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How to Solve Missouri's Meth Problem

Categories: Missourah
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Electronic tracking of cold meds can't stop Shake'n Bake
Remember that fancy new electronic database Missouri pharmacies were required to install earlier this year so police could have access to personal information of people who buy cold medicine that contains the drug pseudoephedrine, the key ingredient in making meth?

Yeah, well, um, here's the thing: it doesn't work worth a damn. Once again, the Show-Me State is on pace to lead the nation in the number of meth labs seized by police.

While electronic tracking undoubtedly makes life more challenging for the state's enterprising meth cooks, the system does virtually nothing to prevent "smurfing" -- going from one pharmacy to another throughout the day -- or keep meth cooks from buying the small amount of cold pills they need to make meth via the "shake and bake" or "one pot" method.

So what's the solution?

According to Ron Bovett, a district attorney in Lincoln County, Oregon, we need to make pseudoephedrine a prescription-only drug. Bovett penned an op-ed in yesterday's New York Times titled "How to Kill the Meth Monster."
Oregon did more than four years ago, enabling the state to eliminate smurfing and nearly eradicate meth labs. This is part of the reason that Oregon recently experienced the steepest decline in crime rates in the 50 states.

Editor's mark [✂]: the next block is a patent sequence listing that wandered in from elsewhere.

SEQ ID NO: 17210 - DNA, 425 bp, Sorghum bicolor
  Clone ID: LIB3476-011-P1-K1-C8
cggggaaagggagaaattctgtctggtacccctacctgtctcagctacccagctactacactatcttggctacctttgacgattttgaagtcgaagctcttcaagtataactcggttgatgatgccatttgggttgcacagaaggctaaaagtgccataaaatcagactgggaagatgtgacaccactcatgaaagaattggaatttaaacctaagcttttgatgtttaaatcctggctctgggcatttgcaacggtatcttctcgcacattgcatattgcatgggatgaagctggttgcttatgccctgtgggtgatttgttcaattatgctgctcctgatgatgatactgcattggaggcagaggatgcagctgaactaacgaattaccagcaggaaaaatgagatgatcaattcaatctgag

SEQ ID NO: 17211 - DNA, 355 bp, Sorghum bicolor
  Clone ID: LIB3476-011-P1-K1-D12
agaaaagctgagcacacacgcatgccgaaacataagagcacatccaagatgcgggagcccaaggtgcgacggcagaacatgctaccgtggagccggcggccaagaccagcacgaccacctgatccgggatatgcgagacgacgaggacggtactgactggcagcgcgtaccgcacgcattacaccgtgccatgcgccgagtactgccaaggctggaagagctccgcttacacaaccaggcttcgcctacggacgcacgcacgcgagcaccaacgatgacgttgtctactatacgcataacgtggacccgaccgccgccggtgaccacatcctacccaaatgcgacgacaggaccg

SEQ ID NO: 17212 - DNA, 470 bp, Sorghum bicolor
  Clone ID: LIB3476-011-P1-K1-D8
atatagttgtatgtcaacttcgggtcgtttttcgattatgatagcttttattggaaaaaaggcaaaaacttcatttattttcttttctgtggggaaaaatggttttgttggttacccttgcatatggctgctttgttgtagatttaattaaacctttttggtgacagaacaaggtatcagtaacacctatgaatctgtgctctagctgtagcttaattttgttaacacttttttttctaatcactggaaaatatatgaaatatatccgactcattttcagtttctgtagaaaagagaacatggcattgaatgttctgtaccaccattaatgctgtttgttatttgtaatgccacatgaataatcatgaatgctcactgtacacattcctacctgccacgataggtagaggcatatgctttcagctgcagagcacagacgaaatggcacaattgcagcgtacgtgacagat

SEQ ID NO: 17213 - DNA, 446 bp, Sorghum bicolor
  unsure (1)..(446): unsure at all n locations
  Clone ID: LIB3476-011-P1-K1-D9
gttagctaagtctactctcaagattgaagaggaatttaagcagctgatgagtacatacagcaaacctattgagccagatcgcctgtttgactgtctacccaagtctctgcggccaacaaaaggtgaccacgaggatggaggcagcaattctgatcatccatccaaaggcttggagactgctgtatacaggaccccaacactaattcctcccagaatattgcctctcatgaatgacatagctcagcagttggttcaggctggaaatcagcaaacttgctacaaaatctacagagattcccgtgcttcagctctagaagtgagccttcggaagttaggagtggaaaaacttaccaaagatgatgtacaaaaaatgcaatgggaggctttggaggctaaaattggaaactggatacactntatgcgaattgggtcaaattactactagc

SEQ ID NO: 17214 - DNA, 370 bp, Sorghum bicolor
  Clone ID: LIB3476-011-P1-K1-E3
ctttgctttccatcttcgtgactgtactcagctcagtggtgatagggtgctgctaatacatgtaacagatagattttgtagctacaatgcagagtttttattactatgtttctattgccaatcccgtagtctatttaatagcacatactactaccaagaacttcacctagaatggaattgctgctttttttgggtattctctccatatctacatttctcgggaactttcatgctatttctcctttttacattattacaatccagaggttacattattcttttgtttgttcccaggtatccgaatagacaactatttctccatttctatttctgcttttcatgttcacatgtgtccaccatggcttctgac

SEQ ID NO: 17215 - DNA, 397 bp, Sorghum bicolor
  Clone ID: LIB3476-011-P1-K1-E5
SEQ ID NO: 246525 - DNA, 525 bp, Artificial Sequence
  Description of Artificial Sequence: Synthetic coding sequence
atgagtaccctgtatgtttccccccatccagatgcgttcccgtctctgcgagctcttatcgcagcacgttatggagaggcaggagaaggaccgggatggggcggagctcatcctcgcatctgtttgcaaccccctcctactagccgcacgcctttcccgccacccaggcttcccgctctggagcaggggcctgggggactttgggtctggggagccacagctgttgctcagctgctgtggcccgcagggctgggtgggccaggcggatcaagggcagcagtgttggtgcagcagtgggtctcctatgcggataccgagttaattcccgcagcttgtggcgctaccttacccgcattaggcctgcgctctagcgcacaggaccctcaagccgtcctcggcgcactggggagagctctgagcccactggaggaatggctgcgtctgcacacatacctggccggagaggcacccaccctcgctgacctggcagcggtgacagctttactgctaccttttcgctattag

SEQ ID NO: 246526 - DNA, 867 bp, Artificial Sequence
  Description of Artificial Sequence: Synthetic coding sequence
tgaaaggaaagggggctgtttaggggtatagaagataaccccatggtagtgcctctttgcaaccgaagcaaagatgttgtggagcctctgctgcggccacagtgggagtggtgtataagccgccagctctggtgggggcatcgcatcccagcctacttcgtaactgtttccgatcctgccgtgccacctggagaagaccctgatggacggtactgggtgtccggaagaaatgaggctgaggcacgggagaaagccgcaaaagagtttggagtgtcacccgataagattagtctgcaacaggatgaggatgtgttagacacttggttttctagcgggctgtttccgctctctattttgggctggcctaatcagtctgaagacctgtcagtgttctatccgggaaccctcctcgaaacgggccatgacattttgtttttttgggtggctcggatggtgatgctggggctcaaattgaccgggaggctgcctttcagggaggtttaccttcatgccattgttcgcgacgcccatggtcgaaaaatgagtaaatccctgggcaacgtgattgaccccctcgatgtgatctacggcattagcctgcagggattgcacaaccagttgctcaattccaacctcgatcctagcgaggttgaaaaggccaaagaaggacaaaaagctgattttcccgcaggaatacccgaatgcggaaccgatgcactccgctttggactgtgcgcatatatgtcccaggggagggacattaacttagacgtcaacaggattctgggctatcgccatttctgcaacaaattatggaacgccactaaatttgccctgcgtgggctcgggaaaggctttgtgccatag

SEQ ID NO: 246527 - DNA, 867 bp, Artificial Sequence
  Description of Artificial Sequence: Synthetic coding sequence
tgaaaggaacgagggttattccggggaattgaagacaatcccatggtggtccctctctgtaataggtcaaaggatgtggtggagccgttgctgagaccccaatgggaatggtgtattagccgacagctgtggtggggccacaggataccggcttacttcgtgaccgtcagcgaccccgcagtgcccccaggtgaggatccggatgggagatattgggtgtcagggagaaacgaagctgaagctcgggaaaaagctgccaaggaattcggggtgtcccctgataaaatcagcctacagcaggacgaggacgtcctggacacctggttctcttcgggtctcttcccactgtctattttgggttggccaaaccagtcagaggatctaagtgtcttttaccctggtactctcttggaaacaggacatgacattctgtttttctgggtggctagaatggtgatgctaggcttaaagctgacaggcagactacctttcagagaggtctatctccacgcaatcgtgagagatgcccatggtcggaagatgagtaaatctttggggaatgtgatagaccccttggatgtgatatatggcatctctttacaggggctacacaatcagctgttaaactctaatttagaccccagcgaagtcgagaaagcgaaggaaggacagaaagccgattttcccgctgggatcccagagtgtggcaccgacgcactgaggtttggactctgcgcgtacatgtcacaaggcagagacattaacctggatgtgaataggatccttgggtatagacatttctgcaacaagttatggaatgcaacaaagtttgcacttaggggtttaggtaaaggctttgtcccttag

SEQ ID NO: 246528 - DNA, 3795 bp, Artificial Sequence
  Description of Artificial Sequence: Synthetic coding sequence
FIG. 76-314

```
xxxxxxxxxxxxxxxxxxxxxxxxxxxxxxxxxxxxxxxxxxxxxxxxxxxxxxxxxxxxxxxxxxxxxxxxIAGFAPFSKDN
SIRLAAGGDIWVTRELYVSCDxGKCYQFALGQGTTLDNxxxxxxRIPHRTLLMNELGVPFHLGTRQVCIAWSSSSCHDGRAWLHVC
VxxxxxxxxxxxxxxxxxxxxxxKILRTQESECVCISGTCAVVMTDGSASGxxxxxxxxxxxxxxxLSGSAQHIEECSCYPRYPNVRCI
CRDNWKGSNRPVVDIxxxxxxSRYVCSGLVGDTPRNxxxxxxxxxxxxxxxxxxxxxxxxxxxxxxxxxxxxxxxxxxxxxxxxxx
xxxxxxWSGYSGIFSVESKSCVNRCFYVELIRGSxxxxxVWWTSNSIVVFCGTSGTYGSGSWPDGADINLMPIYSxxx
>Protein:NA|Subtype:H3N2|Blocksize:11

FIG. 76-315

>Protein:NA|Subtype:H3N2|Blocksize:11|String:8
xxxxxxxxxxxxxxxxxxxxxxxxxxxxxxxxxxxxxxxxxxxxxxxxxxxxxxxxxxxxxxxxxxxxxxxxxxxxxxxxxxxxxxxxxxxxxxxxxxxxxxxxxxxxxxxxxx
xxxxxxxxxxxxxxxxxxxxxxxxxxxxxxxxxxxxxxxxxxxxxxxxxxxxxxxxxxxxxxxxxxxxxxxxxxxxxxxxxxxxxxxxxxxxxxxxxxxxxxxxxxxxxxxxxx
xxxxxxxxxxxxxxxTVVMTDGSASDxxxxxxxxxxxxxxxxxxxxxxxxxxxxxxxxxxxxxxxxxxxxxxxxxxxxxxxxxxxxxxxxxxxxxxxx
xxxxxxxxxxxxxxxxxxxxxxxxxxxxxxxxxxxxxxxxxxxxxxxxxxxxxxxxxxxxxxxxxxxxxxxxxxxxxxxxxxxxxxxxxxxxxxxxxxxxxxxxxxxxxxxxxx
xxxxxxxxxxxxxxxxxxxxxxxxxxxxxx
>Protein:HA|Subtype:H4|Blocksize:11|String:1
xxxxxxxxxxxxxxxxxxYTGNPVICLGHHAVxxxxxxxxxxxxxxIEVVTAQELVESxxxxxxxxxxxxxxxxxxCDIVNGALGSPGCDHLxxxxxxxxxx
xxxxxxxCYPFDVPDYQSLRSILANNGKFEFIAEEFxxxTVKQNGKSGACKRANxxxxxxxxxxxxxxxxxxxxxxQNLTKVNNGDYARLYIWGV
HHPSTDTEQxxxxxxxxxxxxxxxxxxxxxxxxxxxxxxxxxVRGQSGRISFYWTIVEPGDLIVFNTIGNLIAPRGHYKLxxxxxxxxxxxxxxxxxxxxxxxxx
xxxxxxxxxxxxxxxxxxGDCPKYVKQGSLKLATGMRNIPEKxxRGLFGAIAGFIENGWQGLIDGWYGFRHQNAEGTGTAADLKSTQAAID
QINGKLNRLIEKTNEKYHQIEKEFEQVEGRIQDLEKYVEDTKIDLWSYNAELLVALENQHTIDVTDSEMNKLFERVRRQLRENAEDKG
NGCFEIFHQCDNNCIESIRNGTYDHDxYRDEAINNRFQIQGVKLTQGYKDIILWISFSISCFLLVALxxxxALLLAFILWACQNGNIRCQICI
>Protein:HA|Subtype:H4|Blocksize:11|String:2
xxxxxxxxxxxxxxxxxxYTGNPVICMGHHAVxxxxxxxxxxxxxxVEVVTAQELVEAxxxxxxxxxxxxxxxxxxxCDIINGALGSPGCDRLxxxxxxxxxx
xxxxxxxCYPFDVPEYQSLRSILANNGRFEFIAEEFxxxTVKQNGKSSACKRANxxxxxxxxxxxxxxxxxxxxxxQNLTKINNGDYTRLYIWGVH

Earlier this year, Mississippi also passed a law requiring a prescription to get pseudoephedrine. Since July, the number of meth labs in that state has fallen by 65 percent.
Here are the stats Bovett cites on electronic tracking:
In Kentucky, an electronic tracking law that went into effect in 2008 has had no effect on the number of meth labs there, and only 10 percent of them are found by electronic tracking. The number of police incidents involving meth labs has actually increased by more than 40 percent.
And those worried about not being able to relieve stuffy sinuses if such a ban were enacted ought to keep this in mind:
These pseudoephedrine prescription requirements apply to only 15 pharmaceutical products and their generic equivalents -- medicines like Sudafed 12 Hour, Aleve D and Advil Cold and Sinus. Most cold and allergy medicines on store shelves are not affected, because they contain no pseudoephedrine.
Go read the whole article .

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